Posts for: January, 2019
If you are standing outside in the cold for too long these days, chances are your toes might feel numb. But there are many more reasons why legs and feet can feel numb and tingly. The medical terminology for numbness and tingling is called "paresthesias". One of the most common causes of paresthesias in the lower extremities is nerve impingement. It is important to understand that the nerves supplying the feet arise from the lower back region. Any time there is an impingement or back injury, foot and leg numbness is common. Neuromas (inflammation of the nerves) in the foot can cause "an electric shock type" sensation in the toes and cause numbness in the toes when in shoes. Another common cause of paresthesias is diabetes-most commonly termed diabetic neuropathy.
One of the major reasons why it is important for diabetic patients to see podiatrists every few months is so that we can test your sensation and make sure there are no cuts or scrapes that can lead to serious infections. Poor circulation can lead to cold feet but also numbness. Raynaud's disease is seen more commonly in the winter months and patients frequently come in complaining of "not being able to feel their toes". Some of the other less common causes of paresthesias in the lower limb can be vitamin deficiency, autoimmune diseases such as thyroiditis and Celiac's disease, pregnancy, kidney disease and infections such as Lyme disease and shingles. If you are experiencing paresthesias in the lower extremities, make an appointment with the foot specialists at Advanced Podiatry and we can work together to figure out the cause. We work well with other specialists such as neurologists to find the best treatments for our patients.
Many women live by the philosophy that "flats are for failures". However, high heels can take a toll on your feet. Wearing heels for an extended length of time, whether it's dancing or just walking, can lead to many foot problems. Some of these ailments include: blisters, numbness, swelling, and general pain. So how are some women able to add heels into their signature look with no sign of pain? Here are some tricks you can try so that you can fall in love your heels again.
When buying shoes, pay attention to the thickness of the arch, sole and heel. The thicker the sole, the more cushion between your foot and the ground. For thin soled shoes, consider adding a gel insert to help pad the ball of your foot. Heels with a hidden platform can also help give the illusion of wearing higher heels without affecting arch height. Also the chuckier the heel, the more stable you will feel while walking. Some women buy shoes half size larger to prevent rubbing from the feet swelling up at the end of the day. Excessive rubbing is the cause of painful blisters.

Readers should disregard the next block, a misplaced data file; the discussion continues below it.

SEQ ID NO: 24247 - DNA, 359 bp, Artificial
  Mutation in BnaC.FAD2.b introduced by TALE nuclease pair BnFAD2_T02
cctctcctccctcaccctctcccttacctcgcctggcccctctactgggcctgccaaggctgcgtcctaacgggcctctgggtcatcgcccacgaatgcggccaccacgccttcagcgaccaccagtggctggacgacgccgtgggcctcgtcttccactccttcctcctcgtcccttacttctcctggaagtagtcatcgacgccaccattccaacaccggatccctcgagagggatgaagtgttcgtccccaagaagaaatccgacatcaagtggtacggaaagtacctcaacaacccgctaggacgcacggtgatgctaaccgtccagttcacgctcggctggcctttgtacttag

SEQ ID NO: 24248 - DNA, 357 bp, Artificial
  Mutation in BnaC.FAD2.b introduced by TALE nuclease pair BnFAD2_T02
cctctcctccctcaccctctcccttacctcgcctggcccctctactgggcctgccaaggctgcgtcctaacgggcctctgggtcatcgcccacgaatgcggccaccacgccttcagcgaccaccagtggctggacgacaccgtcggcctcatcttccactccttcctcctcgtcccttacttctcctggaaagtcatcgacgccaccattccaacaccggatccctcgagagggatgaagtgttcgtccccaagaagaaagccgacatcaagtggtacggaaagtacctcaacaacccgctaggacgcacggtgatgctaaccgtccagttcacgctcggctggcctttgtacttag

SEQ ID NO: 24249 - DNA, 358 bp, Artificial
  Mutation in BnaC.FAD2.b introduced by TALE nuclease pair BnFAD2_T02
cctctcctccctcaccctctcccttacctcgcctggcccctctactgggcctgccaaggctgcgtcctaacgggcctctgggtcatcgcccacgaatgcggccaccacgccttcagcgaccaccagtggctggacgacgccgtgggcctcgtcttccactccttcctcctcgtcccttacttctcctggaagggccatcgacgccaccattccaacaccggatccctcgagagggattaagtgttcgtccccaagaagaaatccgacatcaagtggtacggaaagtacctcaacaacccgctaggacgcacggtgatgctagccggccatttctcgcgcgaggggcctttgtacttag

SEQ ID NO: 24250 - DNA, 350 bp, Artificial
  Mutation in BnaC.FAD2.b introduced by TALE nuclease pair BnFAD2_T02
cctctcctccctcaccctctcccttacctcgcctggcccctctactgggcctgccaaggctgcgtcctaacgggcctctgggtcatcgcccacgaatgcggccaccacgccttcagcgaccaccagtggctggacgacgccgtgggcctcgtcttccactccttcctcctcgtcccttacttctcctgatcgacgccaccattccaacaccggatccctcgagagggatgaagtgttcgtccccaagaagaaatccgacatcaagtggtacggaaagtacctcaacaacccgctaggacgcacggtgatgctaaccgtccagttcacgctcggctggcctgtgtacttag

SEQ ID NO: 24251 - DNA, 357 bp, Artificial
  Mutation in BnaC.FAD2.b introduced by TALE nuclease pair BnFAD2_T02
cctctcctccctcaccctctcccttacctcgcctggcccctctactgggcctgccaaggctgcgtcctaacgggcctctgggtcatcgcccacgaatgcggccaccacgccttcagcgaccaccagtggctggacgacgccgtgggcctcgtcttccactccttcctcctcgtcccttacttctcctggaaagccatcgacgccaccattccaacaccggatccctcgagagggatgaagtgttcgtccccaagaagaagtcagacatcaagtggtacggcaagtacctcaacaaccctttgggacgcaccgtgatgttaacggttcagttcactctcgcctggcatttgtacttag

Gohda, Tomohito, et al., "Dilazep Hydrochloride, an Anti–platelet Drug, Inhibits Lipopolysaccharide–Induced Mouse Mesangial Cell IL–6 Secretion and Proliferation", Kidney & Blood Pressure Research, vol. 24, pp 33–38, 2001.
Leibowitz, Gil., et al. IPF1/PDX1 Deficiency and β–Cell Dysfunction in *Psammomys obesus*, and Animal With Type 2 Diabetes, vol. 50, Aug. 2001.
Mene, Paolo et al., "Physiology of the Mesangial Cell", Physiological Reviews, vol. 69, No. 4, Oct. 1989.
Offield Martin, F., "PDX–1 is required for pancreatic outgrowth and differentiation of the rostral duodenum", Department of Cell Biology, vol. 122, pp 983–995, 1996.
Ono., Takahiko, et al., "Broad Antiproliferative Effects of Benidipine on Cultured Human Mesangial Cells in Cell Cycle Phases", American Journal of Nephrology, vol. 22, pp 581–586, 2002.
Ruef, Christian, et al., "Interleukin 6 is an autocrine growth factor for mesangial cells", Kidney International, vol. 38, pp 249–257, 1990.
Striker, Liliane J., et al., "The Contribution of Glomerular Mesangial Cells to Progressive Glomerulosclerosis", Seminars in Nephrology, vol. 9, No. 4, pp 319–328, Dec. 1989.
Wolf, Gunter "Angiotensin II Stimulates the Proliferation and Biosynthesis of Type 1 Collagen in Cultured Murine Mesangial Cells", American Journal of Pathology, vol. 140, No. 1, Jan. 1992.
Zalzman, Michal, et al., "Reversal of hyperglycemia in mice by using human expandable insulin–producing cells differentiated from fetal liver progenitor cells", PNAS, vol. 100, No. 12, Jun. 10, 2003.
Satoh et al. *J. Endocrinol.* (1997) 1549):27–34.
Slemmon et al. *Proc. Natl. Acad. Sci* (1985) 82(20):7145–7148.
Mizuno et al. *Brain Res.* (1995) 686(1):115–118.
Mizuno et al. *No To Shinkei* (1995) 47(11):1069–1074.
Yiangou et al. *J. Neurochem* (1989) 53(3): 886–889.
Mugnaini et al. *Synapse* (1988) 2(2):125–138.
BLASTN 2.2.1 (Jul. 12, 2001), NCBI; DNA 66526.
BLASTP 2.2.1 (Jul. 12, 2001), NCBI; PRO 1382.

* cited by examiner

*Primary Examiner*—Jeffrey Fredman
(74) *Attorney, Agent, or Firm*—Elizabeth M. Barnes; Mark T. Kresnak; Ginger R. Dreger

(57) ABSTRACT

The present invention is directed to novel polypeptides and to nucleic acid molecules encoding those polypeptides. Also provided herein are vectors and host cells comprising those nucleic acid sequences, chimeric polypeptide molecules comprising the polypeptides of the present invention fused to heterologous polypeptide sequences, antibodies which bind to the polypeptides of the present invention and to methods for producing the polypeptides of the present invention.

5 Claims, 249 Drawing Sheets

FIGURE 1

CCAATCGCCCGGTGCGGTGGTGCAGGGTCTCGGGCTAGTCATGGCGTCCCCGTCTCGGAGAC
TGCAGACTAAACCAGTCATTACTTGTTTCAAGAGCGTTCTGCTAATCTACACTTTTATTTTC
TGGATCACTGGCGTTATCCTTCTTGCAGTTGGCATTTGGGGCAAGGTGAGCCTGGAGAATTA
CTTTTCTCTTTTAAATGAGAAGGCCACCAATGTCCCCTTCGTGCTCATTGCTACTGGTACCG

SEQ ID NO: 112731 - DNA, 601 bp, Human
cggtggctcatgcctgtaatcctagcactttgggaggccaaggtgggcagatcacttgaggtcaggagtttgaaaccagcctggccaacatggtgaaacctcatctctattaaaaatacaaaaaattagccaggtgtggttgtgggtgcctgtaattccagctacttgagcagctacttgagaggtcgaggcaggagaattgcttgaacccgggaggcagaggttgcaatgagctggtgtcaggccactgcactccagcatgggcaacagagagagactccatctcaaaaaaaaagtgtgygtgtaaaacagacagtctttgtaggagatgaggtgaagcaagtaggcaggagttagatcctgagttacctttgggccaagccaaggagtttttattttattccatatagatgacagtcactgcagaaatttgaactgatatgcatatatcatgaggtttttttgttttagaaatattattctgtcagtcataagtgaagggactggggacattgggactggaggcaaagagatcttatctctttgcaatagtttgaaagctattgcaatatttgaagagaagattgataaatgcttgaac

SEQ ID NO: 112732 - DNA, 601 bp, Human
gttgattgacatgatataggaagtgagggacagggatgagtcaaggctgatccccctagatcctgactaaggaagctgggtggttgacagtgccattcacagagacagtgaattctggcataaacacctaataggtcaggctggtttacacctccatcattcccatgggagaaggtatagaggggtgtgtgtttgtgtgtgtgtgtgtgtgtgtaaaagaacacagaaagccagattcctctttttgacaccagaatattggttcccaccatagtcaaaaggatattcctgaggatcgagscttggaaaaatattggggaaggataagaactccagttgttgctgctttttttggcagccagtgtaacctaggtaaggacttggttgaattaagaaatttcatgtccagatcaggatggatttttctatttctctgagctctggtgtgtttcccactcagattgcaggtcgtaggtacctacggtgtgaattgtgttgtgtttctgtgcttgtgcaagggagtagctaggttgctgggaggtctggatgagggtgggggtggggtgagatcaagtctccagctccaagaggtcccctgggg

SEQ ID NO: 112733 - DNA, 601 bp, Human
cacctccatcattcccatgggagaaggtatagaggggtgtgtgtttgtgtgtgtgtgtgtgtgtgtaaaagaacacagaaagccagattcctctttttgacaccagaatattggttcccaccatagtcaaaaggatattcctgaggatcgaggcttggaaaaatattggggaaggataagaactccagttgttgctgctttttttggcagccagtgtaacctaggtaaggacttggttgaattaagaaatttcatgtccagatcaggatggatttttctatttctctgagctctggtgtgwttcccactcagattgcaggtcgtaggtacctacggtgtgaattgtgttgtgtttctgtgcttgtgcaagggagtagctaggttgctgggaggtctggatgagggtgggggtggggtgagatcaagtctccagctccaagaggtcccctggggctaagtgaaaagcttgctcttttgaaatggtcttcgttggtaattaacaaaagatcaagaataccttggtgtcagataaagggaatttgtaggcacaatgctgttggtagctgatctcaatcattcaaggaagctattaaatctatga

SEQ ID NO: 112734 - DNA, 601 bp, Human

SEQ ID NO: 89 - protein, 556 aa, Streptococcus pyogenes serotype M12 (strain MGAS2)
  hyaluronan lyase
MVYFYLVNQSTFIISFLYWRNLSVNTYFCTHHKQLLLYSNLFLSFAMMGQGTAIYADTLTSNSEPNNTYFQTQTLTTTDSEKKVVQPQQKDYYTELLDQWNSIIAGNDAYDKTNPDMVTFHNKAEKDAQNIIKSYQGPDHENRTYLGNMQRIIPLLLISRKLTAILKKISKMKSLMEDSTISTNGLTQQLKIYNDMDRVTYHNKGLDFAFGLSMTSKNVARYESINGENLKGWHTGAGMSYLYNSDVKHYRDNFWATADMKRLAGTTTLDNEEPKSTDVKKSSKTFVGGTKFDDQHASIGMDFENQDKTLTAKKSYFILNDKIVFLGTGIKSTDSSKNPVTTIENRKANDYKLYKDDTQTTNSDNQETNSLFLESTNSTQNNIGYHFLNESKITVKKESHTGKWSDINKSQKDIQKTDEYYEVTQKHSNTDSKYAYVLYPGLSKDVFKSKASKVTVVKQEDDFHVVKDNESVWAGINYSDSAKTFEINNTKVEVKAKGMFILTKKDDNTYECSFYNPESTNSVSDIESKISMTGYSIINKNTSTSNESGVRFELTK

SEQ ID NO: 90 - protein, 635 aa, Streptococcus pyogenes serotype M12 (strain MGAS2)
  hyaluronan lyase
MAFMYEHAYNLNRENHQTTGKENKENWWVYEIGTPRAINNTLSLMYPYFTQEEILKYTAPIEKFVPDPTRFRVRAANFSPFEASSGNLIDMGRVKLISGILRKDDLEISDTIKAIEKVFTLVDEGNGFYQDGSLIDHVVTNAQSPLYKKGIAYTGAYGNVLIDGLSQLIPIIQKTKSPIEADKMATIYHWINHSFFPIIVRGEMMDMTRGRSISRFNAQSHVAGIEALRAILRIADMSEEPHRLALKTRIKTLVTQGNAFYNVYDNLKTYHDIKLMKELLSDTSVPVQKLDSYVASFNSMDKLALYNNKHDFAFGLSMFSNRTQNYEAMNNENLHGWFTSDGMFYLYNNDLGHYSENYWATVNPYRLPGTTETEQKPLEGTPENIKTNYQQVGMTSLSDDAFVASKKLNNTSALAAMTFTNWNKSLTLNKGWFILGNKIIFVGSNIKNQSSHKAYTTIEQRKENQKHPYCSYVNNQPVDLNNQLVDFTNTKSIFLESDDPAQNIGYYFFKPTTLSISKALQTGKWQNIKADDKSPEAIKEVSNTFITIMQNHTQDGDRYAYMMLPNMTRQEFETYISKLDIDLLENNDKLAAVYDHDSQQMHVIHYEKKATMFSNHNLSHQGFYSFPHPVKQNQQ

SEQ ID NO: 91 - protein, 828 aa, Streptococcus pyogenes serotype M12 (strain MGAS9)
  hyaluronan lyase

Try some of these suggestions and if you are still having pain while wearing your heels feel free to visit as at Advanced Podiatry!
Trends are everywhere in the clothing and shoe business. Within the last 7-10 years, the newest trend in shoes is the minimalist movement. Shoes are lighter, thinner and smaller and every brand, store and cobbler is on board. Within the workout community, sneakers have been one of the main targets for the minimalist shift. The vibram five finger shoes were huge when they first came out and I remember seeing them everywhere. Books were published touting the efficiency and better form associated with "barefoot running" or "natural running" attributed to the professional Kenyan and south African runners.
But, the real question is, is this the best thing for training? I see many patients in the office who have tried to make the switch, but end up injuring themselves. To run in a minimalist shoe, the running form has to shift from a heel strike, to a forefoot strike. For many people, this will take significant time and training to properly perform. A newer athlete will likely not have the proper muscle tone or form to adequately execute higher intensity workouts, and this can lead to injury. As I tell patients, every foot is different, so by seeing a sports medicine specialist, he or she can tell you how to properly train and condition your body while suggesting appropriate foot wear to allow for less stress on your joints. As your running pattern changes, most people can then begin to transition to lighter shoes. Remember loyal readers: listen to your body. It will tell you if you are pushing too hard, too fast, or too long.
So many of us suffer with insecurities about our appearance, weight or some other trait that we feel we can't change. Well, if you are self conscious about your feet, let us help you now!
Let 2019 be the year you finally make the jump. If you have a bunion, hammertoe or some other foot condition that makes you hide your toes in the sand at the beach, we can help. From unsightly nails to painful bunions, our doctors treat the full gamut of foot conditions.
Gym memberships, diet plans and new savings plans will likely crowd your list of New Years resolutions, but don't forget about your feet.
Advanced Podiatry would love to help you get on your journey to the new you in 2019!